Friday, February 20, 2009


The most surprising thing, in retrospect, is that anyone has been surprised at the revelation that Allen Stanford is apparently little more than a jumped-up Ponzi purveyor.

History is littered with the names of relatively wealthy, educated people who have gone weak at the knees in the presence of the outrageously rich. Giles Clarke and his fellow ECB lackeys are merely treading a well-worn path.

The previous Prime Minister positively dribbled in the company of rich men, without paying much heed to their morality or honesty – and the current one still seems to think that bankers are worthy of some sort of preferential treatment – rather than being hung from the lampposts of Threadneedle Street which would be the preferred treatment meted out to them by the other 99.9% of the population.

I’ll confess that I welcomed Stanford myself from the perspective of the money he was pumping to Windies cricket a few years ago. And the fact remains that, even with the recent allegations made by the SEC, his input into Caribbean cricket can still be seen as genuinely altruistic. The money he put into the grassroots has had a beneficial effect – it’s only when he started imposing a lot of 20/20 strings that things started getting a little ‘tacky’.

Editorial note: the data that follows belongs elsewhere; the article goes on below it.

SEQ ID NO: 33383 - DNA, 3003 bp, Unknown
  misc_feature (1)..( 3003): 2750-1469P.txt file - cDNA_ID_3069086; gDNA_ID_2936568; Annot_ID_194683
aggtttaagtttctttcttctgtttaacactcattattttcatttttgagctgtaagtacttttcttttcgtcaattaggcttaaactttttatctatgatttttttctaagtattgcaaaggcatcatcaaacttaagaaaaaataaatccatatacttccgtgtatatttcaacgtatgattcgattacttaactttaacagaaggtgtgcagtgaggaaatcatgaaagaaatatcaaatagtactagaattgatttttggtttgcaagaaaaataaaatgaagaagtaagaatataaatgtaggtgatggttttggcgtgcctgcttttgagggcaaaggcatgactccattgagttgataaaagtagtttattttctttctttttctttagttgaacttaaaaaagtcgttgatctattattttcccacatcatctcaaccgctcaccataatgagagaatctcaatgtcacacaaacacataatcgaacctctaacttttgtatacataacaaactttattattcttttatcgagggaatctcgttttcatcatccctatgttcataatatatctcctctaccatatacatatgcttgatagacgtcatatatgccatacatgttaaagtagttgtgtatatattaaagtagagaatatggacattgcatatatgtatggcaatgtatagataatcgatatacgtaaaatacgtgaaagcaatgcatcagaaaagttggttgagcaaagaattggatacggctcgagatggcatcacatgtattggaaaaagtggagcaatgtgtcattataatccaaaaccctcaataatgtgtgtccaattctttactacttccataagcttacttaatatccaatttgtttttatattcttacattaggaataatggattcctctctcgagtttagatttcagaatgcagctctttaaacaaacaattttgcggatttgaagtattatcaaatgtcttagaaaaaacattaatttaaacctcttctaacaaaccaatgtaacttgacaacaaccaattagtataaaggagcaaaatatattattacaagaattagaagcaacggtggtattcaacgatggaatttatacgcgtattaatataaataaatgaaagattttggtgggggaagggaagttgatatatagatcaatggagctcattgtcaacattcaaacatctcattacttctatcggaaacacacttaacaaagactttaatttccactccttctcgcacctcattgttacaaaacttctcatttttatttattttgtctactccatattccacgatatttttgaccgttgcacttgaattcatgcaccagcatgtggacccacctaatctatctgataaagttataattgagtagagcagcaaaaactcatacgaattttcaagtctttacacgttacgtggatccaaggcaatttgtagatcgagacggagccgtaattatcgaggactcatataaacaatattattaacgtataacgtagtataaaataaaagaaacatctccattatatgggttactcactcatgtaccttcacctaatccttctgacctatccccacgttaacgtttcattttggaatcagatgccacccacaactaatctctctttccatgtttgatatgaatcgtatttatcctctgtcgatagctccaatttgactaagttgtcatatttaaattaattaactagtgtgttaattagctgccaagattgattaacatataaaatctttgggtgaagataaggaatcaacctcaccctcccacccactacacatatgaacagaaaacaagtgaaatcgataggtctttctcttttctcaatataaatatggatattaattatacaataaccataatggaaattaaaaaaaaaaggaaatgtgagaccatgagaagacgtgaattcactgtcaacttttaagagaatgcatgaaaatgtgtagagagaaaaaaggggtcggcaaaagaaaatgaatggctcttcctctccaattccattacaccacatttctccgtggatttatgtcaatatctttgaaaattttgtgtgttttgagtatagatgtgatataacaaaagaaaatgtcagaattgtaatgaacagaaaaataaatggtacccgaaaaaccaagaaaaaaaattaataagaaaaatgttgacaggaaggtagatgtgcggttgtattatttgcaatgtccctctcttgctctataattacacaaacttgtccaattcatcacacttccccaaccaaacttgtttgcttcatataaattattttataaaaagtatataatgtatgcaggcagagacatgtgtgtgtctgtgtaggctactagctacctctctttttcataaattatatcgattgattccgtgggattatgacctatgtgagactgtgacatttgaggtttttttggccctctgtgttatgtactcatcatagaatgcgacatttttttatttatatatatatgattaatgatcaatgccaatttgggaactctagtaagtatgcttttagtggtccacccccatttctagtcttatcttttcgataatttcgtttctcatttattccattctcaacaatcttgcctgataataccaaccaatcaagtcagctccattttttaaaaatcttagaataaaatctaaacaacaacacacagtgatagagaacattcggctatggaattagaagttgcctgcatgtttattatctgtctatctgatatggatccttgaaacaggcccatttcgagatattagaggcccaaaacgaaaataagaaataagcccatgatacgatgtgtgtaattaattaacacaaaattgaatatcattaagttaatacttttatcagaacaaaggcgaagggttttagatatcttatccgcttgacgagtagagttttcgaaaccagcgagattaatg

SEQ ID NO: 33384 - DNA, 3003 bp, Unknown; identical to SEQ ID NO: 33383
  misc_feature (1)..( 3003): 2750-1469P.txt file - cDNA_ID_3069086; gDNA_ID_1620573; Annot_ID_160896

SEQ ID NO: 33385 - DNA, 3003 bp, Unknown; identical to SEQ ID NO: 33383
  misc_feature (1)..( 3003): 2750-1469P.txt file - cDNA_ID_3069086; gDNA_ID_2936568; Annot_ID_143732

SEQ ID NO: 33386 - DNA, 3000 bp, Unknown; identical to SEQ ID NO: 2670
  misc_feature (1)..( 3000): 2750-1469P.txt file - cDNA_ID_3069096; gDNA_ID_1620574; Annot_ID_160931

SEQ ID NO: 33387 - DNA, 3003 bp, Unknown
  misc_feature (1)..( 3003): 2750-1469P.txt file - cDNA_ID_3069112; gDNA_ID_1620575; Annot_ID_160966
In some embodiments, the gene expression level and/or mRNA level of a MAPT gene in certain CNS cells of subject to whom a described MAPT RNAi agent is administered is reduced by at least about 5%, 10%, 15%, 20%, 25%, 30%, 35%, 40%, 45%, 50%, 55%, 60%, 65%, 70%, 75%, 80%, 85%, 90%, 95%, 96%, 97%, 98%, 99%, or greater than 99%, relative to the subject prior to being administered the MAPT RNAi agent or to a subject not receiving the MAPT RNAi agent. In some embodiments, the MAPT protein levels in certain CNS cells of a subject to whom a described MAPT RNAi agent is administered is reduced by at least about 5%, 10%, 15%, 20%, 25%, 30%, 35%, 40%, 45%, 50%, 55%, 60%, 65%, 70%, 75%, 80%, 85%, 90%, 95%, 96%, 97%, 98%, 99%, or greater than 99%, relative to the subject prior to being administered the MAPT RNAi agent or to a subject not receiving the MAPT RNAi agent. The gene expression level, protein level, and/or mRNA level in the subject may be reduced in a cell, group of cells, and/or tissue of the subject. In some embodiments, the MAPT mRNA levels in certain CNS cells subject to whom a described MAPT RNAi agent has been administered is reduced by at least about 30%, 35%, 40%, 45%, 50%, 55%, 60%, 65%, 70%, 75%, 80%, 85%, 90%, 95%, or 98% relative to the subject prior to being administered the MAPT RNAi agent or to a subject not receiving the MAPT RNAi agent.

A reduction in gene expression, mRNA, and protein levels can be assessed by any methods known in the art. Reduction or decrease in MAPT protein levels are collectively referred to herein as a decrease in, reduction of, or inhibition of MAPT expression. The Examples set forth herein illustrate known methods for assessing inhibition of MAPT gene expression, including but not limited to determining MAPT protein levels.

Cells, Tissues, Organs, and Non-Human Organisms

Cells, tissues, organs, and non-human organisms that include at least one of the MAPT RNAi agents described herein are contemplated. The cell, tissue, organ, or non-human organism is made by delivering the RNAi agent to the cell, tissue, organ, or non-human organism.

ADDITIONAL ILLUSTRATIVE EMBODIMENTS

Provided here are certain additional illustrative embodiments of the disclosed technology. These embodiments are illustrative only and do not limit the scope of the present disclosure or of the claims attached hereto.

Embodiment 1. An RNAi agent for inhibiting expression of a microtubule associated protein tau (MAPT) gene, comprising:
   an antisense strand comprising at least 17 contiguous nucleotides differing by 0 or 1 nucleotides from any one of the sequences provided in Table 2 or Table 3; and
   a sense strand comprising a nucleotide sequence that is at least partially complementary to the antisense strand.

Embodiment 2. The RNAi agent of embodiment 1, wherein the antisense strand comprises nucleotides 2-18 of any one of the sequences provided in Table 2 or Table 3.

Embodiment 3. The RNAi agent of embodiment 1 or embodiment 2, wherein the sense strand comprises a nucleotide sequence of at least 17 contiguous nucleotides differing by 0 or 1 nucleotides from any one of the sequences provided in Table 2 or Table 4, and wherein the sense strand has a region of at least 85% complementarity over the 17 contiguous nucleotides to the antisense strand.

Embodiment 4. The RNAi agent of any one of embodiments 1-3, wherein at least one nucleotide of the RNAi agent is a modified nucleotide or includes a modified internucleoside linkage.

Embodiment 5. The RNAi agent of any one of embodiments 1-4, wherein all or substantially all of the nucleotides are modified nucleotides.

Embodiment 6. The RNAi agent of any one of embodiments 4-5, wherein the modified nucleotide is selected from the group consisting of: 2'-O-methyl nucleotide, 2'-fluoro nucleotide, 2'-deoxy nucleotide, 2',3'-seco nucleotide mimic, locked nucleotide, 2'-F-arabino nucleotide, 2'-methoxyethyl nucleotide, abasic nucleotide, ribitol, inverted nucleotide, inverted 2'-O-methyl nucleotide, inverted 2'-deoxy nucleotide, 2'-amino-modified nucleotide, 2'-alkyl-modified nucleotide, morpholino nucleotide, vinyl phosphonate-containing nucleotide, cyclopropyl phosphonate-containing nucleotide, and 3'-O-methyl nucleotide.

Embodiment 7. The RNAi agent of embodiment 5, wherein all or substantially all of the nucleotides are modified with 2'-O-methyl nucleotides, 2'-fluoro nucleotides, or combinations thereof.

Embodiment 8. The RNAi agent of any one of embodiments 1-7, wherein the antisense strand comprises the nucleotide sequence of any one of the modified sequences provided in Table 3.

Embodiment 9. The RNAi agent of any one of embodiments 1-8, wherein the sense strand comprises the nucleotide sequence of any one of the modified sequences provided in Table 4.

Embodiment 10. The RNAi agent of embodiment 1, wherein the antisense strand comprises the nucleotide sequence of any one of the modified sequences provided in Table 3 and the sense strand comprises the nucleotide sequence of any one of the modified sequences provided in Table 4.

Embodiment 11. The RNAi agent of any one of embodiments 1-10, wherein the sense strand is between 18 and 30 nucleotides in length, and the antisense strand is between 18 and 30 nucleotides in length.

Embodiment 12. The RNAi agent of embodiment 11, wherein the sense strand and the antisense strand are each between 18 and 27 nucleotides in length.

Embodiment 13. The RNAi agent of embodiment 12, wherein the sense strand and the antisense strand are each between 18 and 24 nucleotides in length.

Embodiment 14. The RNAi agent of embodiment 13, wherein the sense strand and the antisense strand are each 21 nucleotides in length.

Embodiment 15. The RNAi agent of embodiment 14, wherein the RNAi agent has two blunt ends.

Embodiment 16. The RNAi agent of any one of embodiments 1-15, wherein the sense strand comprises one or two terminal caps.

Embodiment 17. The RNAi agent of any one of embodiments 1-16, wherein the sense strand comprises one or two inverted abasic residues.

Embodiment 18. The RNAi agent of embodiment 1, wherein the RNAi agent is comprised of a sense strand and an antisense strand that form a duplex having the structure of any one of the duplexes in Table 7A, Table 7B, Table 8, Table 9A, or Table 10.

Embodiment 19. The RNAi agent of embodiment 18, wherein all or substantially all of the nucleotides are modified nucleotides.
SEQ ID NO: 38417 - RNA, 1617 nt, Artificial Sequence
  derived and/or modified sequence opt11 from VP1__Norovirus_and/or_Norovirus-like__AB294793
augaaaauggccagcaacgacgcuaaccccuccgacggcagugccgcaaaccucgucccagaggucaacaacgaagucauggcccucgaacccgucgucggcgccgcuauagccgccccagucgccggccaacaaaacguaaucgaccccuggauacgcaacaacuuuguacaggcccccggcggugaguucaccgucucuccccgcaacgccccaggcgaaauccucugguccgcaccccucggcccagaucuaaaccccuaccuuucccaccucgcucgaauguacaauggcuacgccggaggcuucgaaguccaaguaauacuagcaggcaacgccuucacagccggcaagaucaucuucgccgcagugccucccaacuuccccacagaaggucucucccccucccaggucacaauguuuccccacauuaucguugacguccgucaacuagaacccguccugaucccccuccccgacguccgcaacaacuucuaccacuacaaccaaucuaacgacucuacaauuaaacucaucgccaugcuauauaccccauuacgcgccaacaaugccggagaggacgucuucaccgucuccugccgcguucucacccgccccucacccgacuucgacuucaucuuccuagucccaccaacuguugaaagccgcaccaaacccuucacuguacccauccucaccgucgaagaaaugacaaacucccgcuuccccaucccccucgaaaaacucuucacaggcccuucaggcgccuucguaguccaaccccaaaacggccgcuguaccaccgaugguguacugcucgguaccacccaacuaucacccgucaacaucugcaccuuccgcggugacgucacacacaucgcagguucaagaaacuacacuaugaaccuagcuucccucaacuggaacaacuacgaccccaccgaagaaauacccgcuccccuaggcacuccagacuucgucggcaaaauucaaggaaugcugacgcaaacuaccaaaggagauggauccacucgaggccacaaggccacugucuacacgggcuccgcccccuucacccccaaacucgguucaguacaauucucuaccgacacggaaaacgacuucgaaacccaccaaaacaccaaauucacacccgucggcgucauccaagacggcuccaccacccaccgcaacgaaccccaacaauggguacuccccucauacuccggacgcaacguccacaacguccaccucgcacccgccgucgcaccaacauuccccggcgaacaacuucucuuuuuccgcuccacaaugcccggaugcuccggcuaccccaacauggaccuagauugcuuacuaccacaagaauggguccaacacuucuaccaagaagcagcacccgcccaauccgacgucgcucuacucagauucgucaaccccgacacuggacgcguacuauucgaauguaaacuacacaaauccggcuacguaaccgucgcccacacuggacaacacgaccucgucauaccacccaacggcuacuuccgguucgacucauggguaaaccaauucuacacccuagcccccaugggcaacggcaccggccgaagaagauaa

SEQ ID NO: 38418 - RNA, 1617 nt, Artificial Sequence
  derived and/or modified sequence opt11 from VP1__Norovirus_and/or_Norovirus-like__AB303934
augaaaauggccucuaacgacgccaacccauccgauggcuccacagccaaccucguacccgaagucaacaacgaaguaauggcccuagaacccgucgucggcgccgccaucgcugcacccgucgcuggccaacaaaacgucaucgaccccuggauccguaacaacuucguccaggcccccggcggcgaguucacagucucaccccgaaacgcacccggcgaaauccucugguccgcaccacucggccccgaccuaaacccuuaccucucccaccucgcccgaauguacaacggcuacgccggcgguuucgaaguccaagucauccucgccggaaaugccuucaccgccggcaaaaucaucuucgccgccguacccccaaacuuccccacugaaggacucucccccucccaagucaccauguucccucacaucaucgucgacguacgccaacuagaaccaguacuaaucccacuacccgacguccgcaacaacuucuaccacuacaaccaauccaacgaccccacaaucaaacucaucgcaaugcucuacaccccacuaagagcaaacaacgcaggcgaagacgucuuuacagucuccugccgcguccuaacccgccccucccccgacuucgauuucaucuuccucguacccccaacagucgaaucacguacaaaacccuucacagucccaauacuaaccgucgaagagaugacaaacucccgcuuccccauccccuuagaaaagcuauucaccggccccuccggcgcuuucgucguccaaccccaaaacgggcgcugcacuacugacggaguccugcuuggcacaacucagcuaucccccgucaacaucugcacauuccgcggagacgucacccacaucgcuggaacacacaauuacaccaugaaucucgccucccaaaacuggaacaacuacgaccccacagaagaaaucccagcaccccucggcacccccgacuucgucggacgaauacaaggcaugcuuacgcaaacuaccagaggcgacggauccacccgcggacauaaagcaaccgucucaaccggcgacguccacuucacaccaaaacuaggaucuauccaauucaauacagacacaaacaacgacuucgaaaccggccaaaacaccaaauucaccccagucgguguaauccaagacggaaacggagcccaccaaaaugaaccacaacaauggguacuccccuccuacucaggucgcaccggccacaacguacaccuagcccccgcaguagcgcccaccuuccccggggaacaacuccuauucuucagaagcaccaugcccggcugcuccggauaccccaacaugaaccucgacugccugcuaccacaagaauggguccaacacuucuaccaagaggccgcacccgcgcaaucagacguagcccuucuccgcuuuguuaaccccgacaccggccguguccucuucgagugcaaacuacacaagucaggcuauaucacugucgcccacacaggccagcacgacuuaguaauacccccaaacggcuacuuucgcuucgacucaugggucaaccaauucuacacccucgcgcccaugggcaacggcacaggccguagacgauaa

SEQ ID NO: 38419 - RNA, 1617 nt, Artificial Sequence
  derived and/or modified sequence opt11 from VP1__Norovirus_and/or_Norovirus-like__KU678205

As everyone accepts, the ECB jumped into bed with Stanford on the rebound - as an antidote to IPL. They say they carried out the usual due diligence checks before signing any paperwork - but here’s the 6 billion dollar question - had they found something slightly unethical but effectively legal, would they really have pulled out of the deal?

After all – cricketing authorities haven’t exactly been squeamish in the past over who they’ve cuddled up to for money. They happily signed sponsorship deals with tobacco manufacturers long after the link to cancer was proved – and plenty of them were more than happy to deal with apartheid South Africa when most of the civilised world were starting to turn their noses up at what was going on. So a lippy US businessman with possible unethical business practices wasn’t going to ring many alarm bells - and even faint ones might have been safely ignored to make sure that the money kept rolling in.

Had they found evidence of outright fraud, then yes, you’d have expected them to bail out – but remember it took the SEC up to ten years to pin Stanford down - and he still hasn’t been formally read his rights yet. So what hope were the ECB going to have in finding anything untoward?

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